Nepal army officer on torture charge granted bail

Scales of justice Col Kumar was arrested by British police in January

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A Nepalese army officer held in the UK in January on torture charges has been granted bail.

Colonel Kumar Lama, 46, was remanded in custody by Westminster magistrates after his arrest for alleged crimes during Nepal's civil war in 2005.

A judge at Chelmsford Crown Court has now freed him on £10,000 bail.

Col Lama, who had been working with the UN mission in South Sudan, denies the charges. He was held in East Sussex as he visited family over Christmas.

The charges relate to offences alleged to have taken place between April and October 2005 at the Gorusinghe Army Barracks in Kapilvastu.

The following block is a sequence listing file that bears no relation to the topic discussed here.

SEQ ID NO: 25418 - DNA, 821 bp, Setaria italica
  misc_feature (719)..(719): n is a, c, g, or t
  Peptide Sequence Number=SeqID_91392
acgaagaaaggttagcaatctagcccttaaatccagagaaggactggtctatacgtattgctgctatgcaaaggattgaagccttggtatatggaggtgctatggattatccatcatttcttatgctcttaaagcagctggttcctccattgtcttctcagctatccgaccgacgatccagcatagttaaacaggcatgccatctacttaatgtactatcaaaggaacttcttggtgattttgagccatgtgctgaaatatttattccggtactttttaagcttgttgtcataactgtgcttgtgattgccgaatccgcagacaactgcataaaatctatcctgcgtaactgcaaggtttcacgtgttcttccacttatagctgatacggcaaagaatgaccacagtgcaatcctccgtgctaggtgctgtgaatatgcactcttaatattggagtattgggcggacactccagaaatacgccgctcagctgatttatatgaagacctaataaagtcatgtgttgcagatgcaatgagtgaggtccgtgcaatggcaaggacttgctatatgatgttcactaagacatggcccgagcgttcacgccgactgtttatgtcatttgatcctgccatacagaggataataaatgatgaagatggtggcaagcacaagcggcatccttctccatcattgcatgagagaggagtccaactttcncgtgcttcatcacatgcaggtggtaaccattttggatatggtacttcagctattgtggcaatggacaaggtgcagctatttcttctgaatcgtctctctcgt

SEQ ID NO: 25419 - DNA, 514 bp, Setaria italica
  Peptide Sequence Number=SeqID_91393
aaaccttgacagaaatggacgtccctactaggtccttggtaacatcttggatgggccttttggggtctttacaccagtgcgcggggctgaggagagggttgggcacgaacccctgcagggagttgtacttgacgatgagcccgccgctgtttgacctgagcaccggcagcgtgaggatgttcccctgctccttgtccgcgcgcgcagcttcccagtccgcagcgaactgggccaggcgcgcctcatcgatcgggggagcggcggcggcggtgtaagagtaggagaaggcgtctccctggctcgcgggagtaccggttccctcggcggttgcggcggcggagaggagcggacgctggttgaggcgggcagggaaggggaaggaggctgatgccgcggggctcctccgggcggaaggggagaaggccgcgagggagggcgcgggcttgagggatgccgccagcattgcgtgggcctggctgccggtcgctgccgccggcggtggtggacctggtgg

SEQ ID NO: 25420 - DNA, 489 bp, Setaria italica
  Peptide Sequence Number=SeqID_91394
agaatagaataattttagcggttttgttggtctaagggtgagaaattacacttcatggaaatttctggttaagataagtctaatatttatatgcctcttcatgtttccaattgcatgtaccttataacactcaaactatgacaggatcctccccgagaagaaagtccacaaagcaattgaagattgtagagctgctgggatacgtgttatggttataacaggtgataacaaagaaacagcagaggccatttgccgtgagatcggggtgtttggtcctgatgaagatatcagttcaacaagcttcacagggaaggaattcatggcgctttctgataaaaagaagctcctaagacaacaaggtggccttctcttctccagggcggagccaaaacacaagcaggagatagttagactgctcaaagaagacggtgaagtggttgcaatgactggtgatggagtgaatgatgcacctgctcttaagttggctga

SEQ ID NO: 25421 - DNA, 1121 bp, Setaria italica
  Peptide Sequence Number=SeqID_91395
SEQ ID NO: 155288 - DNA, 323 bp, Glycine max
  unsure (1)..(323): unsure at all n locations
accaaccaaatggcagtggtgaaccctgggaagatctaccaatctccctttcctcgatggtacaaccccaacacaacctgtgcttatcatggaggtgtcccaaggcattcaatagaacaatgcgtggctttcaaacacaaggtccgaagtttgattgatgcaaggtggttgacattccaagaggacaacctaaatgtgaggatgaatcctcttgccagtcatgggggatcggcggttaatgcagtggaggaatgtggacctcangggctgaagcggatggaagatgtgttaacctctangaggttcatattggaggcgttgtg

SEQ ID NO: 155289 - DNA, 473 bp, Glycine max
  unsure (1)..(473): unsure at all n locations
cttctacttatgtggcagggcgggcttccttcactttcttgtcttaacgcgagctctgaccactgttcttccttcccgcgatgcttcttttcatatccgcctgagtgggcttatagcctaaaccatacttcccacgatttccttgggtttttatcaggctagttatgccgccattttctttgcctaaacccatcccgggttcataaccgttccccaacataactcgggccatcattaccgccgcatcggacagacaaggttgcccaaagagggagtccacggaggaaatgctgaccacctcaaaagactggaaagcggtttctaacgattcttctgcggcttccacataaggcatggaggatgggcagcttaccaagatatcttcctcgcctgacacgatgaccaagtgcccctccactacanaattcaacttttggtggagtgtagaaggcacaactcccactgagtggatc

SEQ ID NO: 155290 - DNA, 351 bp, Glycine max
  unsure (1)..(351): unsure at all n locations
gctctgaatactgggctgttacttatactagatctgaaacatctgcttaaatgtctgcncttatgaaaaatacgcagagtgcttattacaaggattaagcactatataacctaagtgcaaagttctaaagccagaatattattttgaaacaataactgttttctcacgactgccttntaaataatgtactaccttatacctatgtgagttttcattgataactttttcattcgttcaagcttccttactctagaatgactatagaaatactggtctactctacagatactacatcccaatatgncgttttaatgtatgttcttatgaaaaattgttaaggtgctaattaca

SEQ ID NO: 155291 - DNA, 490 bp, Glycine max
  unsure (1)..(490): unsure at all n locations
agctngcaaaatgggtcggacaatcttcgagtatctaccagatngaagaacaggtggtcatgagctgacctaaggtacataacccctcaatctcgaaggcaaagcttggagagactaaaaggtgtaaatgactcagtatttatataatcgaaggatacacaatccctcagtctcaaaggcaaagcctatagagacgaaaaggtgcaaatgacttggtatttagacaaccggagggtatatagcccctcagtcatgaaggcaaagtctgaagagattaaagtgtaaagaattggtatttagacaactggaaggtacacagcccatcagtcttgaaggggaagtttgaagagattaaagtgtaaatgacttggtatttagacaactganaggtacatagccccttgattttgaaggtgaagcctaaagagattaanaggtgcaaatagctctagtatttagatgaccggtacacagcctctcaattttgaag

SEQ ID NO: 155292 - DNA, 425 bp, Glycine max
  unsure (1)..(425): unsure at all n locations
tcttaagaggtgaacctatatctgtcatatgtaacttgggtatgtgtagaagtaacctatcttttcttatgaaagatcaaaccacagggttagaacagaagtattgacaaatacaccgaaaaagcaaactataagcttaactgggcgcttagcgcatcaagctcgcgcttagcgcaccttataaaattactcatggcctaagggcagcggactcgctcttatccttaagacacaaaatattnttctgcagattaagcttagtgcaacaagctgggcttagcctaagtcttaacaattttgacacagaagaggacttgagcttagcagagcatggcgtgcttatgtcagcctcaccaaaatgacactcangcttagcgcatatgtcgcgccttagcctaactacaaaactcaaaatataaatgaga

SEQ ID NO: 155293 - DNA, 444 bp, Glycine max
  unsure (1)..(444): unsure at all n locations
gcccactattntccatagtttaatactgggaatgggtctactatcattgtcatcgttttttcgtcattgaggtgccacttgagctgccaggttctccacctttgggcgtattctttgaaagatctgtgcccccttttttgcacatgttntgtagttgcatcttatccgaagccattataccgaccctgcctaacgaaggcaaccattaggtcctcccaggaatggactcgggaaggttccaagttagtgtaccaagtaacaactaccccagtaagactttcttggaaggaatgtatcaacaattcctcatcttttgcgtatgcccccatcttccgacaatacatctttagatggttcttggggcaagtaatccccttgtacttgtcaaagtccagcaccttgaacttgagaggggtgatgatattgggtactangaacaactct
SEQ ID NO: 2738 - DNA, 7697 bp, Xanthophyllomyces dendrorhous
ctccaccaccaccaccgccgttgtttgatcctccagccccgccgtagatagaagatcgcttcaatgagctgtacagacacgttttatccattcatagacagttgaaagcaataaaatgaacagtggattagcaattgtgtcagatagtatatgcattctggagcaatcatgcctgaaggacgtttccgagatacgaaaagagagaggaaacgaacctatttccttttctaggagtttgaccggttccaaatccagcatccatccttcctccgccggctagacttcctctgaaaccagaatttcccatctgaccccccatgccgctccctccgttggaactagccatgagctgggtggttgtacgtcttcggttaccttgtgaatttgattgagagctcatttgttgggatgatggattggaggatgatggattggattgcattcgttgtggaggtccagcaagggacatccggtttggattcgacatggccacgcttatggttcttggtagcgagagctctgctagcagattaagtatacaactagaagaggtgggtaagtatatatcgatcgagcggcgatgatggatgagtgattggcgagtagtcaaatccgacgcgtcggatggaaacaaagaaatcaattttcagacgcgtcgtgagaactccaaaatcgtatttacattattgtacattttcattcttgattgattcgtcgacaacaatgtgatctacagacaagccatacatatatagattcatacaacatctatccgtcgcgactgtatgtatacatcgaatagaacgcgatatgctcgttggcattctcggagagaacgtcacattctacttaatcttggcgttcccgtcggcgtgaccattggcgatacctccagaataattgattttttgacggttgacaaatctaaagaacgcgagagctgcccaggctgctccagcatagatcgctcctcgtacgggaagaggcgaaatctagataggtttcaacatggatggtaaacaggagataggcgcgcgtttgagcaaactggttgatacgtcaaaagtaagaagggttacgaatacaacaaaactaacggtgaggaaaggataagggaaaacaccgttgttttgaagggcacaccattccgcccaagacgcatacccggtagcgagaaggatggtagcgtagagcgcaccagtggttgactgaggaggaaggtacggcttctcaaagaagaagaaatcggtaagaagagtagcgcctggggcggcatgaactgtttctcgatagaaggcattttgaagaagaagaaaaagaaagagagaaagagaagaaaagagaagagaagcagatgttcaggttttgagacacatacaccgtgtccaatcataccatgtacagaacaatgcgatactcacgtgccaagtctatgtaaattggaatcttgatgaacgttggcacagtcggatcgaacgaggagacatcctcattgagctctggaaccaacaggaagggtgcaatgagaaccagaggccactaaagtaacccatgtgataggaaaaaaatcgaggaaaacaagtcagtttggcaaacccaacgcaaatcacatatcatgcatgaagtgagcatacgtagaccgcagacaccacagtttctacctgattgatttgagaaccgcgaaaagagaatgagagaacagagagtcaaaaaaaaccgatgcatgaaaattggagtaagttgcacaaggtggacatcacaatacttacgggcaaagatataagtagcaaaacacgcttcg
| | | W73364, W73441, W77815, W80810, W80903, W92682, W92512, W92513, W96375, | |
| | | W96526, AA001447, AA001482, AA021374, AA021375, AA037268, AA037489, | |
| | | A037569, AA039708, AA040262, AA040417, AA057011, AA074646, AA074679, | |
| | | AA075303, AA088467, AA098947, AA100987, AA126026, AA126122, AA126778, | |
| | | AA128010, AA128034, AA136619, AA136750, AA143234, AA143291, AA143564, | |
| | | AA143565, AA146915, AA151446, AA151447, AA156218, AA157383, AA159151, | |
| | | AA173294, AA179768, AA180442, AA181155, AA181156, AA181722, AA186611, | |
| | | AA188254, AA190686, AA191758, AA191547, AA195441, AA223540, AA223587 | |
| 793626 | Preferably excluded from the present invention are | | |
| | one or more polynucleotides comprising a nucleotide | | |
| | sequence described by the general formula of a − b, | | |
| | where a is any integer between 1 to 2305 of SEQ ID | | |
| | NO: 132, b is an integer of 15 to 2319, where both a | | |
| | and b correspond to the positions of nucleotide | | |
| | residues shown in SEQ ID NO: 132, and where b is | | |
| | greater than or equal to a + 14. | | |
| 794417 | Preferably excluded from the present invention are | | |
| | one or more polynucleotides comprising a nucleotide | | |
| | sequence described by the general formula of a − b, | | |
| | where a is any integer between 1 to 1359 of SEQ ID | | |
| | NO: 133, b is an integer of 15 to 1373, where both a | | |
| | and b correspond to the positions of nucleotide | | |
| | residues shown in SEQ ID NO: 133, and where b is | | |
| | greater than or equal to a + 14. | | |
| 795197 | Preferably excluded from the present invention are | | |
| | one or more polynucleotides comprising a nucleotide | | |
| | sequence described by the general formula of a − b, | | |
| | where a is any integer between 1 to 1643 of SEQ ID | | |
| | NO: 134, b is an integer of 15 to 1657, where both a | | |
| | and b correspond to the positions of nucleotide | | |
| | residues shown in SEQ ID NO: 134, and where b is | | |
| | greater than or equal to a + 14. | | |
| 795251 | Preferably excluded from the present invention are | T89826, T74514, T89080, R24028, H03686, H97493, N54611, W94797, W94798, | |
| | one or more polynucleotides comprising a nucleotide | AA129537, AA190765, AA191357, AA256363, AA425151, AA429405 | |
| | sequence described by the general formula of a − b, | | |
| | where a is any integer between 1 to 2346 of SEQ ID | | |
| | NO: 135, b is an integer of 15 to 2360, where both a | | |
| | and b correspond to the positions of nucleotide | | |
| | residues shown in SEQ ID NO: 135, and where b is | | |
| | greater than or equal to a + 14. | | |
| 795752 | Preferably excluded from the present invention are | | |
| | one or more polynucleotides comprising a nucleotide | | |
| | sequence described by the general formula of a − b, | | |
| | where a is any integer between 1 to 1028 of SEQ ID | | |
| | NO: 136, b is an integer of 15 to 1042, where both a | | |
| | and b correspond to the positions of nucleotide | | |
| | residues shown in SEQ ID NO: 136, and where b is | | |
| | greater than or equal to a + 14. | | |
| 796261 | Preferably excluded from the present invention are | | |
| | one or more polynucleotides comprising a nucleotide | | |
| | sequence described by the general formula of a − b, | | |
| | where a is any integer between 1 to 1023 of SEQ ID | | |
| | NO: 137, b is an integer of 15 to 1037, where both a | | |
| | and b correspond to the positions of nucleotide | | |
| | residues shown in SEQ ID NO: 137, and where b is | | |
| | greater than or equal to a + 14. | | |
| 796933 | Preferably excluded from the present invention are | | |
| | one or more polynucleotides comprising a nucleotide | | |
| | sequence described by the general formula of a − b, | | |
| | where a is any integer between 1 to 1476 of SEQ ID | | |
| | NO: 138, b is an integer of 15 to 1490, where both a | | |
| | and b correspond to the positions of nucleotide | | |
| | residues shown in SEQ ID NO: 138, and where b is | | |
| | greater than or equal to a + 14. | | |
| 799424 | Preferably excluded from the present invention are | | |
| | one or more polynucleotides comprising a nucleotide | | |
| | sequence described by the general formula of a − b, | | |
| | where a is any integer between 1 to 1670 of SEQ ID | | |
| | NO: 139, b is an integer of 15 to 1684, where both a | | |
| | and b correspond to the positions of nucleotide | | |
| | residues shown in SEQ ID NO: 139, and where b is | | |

The decade-long civil war, in which more than 16,000 people died, ended in 2006 and generated allegations of human rights atrocities against both the army and Maoist rebels.

Metropolitan Police detectives held Col Lama under Section 134 of the Criminal Justice Act, a law that defines torture as a "universal jurisdiction" crime. It means that suspects can face trial before a British court even if their alleged offences had nothing to do with the UK.

But the arrest at an address in St Leonards-on-Sea near Hastings angered the Nepalese government.

Col Lama is expected to be freed next week after posting the bail amount and other conditions will also apply, Nepal's ambassador to the UK, Suresh Chandra Chalise, told the BBC.

The next court hearing in the case is due to take place in June.

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